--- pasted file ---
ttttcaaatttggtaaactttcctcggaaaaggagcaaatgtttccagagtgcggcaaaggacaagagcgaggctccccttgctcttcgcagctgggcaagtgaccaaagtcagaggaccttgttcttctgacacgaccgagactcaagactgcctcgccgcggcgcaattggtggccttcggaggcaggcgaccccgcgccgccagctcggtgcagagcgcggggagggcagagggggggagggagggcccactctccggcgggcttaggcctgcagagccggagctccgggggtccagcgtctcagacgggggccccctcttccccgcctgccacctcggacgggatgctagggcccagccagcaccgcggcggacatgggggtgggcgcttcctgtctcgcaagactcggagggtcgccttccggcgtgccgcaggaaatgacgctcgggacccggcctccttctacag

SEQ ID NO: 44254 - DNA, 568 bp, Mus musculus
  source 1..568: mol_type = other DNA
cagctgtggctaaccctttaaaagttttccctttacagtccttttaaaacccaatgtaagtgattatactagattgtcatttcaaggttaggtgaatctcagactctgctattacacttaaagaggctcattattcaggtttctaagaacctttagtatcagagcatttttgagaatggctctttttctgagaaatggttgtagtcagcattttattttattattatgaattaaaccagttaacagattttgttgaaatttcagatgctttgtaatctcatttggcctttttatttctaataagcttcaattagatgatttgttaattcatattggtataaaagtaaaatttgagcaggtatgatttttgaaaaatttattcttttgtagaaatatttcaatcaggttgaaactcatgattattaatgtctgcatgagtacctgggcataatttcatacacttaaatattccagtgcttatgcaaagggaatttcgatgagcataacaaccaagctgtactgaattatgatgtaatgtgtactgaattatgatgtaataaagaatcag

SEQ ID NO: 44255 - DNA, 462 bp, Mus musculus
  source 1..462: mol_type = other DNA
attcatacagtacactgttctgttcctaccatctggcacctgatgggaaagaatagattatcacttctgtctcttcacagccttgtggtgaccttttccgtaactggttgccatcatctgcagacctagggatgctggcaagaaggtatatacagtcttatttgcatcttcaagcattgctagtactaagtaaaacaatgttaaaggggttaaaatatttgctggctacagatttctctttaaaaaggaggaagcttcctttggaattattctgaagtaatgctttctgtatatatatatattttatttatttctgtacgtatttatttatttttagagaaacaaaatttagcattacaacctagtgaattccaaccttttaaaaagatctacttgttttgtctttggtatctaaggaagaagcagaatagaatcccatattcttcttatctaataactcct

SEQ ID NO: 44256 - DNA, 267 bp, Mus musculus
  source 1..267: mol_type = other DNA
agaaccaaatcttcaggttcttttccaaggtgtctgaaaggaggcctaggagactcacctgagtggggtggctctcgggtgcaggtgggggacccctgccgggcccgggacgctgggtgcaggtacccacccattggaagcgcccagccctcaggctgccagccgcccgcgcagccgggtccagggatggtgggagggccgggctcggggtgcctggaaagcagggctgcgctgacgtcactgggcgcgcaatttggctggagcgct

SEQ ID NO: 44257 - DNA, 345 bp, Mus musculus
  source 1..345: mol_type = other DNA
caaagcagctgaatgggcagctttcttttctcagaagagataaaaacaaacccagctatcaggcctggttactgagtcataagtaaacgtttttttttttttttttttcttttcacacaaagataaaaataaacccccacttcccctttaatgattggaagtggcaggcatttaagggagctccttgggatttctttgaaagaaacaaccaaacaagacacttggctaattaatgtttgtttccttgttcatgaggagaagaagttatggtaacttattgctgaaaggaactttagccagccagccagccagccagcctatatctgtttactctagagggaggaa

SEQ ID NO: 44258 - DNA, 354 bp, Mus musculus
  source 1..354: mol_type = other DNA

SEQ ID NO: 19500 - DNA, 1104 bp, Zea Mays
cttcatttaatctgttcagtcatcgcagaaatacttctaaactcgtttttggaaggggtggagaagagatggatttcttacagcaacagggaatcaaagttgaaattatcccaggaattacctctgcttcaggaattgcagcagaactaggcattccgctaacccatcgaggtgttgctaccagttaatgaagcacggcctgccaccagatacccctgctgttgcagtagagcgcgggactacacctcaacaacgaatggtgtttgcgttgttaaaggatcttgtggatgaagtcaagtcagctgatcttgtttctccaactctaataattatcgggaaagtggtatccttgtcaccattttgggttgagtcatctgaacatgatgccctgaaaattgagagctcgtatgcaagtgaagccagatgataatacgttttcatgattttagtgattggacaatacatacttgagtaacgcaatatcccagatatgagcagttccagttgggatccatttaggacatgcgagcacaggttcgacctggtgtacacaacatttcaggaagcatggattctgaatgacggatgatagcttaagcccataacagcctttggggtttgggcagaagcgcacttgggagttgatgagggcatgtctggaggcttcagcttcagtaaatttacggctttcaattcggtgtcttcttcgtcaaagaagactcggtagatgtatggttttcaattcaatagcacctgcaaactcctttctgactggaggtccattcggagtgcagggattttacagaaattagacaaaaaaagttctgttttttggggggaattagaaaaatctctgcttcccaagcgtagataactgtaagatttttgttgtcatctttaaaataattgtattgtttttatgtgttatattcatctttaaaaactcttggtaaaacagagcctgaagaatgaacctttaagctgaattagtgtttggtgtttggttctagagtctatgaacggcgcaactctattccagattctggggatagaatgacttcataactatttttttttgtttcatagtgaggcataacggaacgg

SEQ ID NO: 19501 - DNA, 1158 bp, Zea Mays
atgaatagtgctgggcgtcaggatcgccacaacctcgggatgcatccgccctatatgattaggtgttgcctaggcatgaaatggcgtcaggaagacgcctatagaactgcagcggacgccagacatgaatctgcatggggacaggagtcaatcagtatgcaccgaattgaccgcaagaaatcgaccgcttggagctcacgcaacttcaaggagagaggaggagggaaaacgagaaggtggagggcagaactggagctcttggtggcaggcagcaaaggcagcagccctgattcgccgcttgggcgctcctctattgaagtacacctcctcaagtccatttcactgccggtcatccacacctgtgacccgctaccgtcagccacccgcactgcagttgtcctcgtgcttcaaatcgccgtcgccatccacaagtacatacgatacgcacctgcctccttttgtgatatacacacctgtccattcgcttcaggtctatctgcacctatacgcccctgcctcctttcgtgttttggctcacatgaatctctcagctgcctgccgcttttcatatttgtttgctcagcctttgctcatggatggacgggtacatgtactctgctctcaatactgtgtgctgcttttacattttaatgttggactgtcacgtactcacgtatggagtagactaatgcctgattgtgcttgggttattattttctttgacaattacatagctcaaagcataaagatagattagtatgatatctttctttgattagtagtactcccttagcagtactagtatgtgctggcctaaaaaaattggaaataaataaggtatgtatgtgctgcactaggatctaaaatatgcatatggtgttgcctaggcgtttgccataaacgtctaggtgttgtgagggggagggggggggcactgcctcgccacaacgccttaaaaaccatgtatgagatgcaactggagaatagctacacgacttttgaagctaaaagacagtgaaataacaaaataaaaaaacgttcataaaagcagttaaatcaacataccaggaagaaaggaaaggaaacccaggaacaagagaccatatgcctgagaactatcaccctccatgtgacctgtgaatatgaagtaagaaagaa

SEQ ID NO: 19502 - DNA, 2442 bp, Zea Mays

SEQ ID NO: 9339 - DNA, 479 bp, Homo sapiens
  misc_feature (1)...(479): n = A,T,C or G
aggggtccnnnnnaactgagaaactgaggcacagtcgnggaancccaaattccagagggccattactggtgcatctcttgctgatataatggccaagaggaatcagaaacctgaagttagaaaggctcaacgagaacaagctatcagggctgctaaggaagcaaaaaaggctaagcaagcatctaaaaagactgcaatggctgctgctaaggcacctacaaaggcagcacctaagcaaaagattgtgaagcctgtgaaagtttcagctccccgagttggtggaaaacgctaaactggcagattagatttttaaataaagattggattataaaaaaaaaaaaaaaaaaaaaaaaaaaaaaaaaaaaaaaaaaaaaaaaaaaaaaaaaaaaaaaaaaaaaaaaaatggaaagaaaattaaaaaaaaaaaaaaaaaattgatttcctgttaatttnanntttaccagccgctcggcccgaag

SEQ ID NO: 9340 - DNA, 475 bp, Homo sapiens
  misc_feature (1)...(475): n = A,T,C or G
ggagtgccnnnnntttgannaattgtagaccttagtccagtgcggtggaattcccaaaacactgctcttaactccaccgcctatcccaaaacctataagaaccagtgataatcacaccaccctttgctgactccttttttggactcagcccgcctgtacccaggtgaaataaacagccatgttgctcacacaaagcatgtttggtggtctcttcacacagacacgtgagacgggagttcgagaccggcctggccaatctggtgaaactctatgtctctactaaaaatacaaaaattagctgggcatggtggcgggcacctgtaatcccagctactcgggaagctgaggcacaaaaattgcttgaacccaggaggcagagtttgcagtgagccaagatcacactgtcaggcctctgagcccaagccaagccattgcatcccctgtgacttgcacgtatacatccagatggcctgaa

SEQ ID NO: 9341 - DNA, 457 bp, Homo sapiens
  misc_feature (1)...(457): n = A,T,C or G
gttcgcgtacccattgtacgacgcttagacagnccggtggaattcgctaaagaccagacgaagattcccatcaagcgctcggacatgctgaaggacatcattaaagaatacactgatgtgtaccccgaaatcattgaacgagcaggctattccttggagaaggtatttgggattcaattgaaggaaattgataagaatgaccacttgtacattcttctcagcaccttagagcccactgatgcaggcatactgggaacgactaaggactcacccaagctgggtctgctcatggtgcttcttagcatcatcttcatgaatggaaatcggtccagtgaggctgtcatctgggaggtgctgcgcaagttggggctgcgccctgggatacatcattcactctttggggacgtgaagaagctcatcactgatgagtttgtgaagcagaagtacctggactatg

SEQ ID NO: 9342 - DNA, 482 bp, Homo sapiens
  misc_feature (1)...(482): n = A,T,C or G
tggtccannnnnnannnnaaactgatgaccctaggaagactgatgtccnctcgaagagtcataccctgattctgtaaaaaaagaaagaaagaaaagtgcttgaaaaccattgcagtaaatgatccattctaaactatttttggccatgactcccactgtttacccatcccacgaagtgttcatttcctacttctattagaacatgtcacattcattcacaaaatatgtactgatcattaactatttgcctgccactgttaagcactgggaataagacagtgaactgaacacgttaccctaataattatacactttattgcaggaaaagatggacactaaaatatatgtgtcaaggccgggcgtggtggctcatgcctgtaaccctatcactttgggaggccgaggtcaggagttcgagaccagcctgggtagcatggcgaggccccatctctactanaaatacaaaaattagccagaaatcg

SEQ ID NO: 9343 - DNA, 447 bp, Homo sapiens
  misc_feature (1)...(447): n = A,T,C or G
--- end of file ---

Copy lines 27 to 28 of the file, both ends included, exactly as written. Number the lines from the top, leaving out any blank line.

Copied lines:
SEQ ID NO: 9341 - DNA, 457 bp, Homo sapiens
  misc_feature (1)...(457): n = A,T,C or G